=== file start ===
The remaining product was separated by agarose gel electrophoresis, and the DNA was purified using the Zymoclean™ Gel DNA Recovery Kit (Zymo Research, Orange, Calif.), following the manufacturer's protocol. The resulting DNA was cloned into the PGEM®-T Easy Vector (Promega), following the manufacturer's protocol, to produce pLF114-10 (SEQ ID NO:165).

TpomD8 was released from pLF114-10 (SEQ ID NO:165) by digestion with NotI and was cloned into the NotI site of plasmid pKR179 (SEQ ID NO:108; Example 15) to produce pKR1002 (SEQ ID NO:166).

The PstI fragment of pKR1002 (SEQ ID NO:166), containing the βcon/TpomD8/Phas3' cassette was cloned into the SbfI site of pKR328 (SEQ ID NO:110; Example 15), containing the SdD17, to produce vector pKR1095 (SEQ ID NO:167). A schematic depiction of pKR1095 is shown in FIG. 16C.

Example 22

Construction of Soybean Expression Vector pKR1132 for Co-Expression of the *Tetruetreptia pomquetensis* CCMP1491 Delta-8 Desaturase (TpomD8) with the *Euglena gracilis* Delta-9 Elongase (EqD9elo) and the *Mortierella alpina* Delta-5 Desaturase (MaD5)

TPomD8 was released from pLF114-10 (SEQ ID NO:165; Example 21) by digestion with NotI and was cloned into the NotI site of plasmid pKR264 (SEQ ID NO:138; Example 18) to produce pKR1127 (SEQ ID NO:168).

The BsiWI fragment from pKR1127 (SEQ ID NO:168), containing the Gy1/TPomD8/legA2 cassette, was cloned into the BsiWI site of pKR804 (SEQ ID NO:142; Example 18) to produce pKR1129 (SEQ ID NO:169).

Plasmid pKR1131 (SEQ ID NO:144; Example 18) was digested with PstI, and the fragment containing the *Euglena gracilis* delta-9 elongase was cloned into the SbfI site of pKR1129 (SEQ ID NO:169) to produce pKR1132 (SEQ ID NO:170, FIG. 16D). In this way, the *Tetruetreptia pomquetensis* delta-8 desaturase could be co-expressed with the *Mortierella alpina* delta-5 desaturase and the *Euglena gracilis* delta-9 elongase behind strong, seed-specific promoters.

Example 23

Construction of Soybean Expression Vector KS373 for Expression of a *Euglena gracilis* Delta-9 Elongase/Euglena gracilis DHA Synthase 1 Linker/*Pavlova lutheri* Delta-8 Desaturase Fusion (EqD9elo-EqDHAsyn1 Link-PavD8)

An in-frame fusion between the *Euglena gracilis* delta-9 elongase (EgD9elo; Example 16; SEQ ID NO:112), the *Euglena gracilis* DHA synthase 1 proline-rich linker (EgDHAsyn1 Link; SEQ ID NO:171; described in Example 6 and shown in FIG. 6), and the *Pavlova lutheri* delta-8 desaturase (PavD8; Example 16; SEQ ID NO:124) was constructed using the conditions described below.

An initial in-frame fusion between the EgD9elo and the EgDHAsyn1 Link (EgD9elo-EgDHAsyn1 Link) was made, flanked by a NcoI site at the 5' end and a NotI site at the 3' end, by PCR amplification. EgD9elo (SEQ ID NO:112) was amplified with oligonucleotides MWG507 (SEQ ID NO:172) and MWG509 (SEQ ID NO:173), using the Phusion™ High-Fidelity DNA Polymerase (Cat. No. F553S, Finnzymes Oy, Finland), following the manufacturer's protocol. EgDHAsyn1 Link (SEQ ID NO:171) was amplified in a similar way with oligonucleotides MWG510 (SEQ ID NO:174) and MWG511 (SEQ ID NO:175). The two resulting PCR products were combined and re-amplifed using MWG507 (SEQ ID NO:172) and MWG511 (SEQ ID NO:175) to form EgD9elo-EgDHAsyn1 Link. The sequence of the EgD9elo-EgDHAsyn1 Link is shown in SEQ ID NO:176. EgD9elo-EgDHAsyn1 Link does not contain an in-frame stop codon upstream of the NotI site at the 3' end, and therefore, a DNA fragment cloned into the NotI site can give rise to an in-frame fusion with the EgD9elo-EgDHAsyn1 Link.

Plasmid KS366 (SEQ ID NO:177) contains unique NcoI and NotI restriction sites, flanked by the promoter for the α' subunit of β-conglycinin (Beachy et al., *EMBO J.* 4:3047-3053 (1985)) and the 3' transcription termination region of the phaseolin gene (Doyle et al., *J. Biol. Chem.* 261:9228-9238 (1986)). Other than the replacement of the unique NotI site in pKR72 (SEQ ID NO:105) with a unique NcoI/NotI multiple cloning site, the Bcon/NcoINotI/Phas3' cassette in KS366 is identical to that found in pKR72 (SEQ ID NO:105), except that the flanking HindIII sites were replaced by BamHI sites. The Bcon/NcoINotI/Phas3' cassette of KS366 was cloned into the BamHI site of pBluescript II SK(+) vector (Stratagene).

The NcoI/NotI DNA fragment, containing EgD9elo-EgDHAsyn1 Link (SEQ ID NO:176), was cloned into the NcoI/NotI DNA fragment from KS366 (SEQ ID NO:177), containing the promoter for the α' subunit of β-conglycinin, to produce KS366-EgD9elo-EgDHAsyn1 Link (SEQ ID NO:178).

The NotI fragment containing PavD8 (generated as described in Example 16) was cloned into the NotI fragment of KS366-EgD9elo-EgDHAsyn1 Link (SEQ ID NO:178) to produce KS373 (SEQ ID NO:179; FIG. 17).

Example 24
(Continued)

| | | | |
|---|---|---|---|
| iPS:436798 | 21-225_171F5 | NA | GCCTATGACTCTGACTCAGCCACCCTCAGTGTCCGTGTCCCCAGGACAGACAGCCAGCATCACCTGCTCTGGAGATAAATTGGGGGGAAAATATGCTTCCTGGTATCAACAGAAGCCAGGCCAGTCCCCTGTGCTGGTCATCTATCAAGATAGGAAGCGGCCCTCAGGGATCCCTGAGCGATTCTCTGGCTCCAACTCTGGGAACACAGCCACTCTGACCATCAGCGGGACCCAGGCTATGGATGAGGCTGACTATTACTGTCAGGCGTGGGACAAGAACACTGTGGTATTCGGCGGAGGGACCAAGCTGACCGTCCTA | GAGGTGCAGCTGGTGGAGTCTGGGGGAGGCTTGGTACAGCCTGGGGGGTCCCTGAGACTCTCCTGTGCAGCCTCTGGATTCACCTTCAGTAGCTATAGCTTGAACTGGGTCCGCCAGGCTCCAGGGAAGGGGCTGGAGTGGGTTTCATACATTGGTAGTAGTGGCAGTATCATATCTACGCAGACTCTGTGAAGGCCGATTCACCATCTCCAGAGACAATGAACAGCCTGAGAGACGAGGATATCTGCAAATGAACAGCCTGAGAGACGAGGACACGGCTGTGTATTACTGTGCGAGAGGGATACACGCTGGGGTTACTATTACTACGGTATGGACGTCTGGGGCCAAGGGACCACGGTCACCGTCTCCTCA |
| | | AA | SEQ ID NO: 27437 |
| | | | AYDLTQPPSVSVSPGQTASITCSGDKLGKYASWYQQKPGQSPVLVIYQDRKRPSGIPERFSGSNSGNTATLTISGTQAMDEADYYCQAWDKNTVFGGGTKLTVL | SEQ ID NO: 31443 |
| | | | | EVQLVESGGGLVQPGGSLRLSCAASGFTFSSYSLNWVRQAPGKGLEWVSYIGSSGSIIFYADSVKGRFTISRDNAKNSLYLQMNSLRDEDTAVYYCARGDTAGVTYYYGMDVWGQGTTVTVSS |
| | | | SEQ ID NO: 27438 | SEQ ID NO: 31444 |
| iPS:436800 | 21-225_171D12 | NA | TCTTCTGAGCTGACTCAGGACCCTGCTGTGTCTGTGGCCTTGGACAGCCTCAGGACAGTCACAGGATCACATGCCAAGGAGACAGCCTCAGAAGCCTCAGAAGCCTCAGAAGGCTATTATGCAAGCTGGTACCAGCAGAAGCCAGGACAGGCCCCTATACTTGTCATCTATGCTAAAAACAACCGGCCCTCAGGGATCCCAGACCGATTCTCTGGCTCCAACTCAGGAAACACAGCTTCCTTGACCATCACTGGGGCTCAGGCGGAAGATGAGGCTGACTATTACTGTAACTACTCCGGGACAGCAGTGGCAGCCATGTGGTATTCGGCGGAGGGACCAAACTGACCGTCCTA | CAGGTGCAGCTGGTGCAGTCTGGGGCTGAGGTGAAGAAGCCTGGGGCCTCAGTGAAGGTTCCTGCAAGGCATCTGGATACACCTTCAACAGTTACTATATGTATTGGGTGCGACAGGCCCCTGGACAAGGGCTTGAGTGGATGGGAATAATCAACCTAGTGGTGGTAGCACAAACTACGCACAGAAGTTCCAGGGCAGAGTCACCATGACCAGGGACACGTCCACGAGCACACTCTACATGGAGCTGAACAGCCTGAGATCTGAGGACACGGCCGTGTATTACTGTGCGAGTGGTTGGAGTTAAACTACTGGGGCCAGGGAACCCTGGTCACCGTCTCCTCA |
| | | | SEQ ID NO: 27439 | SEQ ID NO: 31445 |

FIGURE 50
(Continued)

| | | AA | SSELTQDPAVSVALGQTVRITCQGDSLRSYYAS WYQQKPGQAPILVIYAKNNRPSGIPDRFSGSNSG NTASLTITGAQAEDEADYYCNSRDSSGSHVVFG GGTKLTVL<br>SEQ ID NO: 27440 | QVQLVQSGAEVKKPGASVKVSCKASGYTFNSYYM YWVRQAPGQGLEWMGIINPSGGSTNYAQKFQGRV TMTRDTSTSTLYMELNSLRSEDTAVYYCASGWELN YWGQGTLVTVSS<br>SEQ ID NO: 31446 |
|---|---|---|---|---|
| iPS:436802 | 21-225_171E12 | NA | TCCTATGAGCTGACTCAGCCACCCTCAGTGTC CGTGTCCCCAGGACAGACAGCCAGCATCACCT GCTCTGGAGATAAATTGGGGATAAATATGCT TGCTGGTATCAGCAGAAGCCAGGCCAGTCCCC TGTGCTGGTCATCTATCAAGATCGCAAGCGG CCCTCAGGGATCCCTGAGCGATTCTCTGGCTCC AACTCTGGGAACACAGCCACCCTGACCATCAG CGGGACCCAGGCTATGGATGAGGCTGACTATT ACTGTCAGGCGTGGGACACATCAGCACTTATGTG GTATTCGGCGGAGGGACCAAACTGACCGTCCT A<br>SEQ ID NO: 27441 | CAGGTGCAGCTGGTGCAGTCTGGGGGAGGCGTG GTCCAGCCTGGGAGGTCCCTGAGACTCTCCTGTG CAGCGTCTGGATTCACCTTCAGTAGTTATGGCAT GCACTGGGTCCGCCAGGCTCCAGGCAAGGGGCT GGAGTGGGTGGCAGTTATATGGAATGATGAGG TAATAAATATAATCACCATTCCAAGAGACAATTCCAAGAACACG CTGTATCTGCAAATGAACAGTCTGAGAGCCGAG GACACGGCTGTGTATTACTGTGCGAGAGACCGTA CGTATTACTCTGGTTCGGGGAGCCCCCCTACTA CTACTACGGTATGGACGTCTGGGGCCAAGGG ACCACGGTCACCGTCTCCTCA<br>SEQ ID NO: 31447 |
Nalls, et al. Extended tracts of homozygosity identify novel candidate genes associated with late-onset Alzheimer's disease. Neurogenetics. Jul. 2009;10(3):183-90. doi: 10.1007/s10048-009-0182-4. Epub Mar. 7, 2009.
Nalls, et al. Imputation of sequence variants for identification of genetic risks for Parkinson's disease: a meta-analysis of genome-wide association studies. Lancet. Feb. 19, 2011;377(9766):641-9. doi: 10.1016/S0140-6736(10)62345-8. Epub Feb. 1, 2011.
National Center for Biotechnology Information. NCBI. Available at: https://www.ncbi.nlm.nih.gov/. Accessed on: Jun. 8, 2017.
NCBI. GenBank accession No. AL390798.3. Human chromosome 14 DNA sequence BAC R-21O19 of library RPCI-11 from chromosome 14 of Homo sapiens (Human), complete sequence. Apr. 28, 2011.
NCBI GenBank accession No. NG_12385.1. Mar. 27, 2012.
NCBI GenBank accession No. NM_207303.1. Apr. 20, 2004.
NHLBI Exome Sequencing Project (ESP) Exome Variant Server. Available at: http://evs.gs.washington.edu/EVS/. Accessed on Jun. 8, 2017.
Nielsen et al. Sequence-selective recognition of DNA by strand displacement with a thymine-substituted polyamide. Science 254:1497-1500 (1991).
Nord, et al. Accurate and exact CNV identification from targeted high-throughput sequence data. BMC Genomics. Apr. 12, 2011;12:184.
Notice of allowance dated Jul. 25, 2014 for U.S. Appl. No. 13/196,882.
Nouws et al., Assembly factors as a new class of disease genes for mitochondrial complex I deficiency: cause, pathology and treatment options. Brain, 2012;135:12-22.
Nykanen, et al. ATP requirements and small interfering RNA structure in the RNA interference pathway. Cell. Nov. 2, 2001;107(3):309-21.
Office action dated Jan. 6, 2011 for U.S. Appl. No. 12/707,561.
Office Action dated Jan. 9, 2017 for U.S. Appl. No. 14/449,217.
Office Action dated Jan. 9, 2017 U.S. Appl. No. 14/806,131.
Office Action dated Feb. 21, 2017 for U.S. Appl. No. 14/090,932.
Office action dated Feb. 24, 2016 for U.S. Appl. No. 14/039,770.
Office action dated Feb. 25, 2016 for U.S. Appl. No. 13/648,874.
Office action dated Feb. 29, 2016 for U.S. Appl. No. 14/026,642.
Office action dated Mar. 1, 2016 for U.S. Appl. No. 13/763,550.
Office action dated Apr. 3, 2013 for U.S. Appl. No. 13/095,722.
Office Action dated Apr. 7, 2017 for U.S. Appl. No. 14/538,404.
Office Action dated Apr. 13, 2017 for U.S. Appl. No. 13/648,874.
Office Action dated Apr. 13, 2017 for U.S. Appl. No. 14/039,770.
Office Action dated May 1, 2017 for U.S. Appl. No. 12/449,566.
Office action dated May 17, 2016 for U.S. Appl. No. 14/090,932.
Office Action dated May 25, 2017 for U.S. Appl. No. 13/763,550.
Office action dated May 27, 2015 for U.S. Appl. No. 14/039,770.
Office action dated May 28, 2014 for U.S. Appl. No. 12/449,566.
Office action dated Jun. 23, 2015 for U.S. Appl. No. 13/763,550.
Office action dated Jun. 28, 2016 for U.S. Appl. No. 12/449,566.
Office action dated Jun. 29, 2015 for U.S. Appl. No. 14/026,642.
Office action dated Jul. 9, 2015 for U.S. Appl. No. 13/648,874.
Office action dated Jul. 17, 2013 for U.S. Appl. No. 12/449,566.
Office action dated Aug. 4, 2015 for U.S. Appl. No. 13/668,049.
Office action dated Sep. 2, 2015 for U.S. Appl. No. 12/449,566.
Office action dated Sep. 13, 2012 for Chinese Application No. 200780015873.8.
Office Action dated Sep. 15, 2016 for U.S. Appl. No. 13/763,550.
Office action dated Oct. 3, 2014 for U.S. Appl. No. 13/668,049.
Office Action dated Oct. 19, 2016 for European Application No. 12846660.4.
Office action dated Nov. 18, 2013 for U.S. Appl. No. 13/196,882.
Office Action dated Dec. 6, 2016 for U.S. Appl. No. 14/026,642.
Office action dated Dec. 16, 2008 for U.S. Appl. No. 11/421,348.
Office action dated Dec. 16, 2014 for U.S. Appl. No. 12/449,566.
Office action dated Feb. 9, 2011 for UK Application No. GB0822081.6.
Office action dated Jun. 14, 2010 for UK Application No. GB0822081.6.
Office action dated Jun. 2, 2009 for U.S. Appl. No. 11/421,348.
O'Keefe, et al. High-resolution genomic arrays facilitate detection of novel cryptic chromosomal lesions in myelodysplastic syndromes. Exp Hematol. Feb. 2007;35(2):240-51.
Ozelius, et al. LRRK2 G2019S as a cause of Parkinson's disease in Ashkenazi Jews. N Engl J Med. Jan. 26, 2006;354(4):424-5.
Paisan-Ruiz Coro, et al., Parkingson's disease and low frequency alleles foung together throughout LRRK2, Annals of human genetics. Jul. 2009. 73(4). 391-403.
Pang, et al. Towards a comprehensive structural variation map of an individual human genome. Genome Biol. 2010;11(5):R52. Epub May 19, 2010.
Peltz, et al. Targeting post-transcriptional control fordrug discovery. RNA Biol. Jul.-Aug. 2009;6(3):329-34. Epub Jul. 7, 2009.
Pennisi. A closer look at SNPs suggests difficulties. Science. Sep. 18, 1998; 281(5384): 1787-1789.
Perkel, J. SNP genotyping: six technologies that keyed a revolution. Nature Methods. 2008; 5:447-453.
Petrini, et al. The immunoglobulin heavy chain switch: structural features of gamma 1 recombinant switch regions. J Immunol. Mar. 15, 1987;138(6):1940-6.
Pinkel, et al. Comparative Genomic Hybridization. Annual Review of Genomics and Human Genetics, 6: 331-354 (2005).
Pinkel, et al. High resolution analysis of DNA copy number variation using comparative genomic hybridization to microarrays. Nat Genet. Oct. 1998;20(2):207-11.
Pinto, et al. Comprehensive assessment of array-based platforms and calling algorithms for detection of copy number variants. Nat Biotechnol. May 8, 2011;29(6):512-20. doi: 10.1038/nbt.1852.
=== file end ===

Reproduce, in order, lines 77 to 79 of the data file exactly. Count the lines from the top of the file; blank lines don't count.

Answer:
Office action dated Jun. 14, 2010 for UK Application No. GB0822081.6.
Office action dated Jun. 2, 2009 for U.S. Appl. No. 11/421,348.
O'Keefe, et al. High-resolution genomic arrays facilitate detection of novel cryptic chromosomal lesions in myelodysplastic syndromes. Exp Hematol. Feb. 2007;35(2):240-51.